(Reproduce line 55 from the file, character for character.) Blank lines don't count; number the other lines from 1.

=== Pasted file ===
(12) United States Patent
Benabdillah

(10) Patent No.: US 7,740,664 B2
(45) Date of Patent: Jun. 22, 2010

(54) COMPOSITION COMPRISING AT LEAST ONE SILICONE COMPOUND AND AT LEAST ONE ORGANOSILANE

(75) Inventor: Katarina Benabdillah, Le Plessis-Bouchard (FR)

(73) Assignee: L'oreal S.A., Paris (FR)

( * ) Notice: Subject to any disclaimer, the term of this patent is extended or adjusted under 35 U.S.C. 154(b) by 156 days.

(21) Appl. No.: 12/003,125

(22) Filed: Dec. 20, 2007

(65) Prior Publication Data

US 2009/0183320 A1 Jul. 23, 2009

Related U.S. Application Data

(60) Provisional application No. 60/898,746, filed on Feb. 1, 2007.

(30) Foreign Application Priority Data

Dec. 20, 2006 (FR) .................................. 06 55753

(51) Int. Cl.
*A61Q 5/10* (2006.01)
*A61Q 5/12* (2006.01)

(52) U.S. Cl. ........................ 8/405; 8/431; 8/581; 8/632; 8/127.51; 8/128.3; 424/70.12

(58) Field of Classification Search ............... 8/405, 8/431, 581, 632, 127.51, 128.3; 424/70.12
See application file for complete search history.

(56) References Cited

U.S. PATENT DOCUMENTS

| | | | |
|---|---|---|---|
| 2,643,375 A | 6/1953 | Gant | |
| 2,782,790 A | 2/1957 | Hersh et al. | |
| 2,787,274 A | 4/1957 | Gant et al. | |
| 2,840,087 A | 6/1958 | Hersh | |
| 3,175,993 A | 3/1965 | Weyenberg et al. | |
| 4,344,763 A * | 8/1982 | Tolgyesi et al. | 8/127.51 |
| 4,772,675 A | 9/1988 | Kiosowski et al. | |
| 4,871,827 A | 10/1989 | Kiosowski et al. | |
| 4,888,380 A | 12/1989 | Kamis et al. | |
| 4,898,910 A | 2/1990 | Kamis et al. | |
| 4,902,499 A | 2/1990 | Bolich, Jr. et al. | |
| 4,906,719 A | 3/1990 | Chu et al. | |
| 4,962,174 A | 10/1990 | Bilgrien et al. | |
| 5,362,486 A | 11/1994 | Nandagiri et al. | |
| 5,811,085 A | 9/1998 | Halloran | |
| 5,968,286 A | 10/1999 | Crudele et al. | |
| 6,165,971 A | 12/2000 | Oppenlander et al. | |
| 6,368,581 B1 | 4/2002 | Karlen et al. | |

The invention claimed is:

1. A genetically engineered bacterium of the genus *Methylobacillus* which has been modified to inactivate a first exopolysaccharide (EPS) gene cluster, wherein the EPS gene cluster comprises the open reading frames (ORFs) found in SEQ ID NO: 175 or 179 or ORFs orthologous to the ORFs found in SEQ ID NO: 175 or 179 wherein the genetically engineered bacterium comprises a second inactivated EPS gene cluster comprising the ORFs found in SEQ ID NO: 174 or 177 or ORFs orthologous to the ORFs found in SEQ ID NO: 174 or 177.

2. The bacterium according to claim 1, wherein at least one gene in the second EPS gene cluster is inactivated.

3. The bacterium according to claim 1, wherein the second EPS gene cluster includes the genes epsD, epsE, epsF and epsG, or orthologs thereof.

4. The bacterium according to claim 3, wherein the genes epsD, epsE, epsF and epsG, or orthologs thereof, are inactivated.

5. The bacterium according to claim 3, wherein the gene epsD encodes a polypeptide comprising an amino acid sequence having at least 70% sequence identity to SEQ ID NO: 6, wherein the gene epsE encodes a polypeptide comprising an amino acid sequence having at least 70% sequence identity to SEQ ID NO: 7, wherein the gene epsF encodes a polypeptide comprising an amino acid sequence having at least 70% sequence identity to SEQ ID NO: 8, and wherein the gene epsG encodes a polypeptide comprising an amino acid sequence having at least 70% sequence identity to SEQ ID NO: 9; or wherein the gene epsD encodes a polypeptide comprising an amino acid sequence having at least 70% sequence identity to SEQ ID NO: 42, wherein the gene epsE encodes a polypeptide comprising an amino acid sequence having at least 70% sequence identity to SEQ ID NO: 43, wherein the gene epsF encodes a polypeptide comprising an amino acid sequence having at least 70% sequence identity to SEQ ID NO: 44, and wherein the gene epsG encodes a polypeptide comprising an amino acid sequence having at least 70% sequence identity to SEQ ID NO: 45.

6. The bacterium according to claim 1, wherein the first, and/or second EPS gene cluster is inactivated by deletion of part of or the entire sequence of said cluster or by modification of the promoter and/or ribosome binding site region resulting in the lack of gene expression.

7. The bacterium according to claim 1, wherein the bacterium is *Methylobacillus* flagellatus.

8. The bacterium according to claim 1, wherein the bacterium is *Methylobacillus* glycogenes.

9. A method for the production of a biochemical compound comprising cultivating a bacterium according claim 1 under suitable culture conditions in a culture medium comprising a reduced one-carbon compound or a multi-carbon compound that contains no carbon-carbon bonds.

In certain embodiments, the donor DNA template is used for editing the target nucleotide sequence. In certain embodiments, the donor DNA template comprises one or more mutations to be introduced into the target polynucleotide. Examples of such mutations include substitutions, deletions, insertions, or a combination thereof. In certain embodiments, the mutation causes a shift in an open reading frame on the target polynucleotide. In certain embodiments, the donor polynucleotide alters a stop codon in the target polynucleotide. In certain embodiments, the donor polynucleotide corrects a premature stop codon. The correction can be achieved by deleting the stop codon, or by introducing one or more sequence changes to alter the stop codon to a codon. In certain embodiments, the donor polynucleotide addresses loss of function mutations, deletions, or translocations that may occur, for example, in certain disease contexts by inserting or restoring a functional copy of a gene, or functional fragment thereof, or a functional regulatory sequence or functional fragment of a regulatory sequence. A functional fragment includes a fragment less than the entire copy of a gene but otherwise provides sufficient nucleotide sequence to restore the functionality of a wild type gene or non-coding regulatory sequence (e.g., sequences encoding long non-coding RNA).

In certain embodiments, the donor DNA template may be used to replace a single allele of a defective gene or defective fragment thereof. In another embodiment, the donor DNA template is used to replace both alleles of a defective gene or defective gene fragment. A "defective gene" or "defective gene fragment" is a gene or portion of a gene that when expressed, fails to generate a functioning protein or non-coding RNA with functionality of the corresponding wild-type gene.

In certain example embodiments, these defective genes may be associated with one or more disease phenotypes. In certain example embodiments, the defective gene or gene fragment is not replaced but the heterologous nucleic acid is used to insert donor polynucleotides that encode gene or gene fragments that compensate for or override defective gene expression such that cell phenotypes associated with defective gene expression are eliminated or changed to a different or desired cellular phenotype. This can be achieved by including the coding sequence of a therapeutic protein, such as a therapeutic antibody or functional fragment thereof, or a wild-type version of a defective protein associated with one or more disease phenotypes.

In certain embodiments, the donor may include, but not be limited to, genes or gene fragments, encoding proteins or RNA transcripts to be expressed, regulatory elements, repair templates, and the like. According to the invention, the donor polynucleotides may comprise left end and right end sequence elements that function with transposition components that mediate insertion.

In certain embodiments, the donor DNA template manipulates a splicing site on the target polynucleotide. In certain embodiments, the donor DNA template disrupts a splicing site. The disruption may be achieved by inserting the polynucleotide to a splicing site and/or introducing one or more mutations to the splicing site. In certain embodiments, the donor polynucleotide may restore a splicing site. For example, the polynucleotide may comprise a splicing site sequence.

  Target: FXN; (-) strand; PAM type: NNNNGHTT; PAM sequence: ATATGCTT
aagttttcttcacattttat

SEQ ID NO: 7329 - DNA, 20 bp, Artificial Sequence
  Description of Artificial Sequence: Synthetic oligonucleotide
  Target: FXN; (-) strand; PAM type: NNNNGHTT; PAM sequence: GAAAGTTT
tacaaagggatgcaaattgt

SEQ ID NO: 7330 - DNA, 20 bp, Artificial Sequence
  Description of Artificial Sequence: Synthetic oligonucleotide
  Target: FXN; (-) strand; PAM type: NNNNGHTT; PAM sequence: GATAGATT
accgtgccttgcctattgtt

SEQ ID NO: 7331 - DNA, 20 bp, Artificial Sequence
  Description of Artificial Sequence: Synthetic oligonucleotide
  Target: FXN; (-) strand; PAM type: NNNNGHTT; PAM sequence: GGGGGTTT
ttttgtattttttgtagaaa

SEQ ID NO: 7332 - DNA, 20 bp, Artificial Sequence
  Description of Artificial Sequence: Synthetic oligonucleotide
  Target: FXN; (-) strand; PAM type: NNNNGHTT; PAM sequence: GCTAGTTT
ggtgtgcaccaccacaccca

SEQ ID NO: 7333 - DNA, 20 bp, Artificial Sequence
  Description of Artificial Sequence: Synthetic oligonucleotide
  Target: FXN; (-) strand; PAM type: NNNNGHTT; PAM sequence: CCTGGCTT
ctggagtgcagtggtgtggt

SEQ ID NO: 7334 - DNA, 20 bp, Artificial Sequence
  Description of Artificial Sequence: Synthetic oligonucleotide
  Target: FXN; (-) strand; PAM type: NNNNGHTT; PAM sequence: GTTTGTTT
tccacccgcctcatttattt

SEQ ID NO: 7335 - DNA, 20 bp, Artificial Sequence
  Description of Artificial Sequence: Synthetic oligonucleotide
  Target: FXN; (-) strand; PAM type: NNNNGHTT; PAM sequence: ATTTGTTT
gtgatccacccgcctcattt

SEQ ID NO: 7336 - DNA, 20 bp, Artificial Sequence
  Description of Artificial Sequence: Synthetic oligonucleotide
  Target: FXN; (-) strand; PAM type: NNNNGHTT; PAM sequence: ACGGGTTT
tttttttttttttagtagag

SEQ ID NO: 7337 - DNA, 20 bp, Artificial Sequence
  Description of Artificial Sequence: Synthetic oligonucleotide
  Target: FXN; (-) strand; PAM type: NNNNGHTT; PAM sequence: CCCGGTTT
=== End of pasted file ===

In certain embodiments, the donor DNA template is used for editing the target nucleotide sequence. In certain embodiments, the donor DNA template comprises one or more mutations to be introduced into the target polynucleotide. Examples of such mutations include substitutions, deletions, insertions, or a combination thereof. In certain embodiments, the mutation causes a shift in an open reading frame on the target polynucleotide. In certain embodiments, the donor polynucleotide alters a stop codon in the target polynucleotide. In certain embodiments, the donor polynucleotide corrects a premature stop codon. The correction can be achieved by deleting the stop codon, or by introducing one or more sequence changes to alter the stop codon to a codon. In certain embodiments, the donor polynucleotide addresses loss of function mutations, deletions, or translocations that may occur, for example, in certain disease contexts by inserting or restoring a functional copy of a gene, or functional fragment thereof, or a functional regulatory sequence or functional fragment of a regulatory sequence. A functional fragment includes a fragment less than the entire copy of a gene but otherwise provides sufficient nucleotide sequence to restore the functionality of a wild type gene or non-coding regulatory sequence (e.g., sequences encoding long non-coding RNA).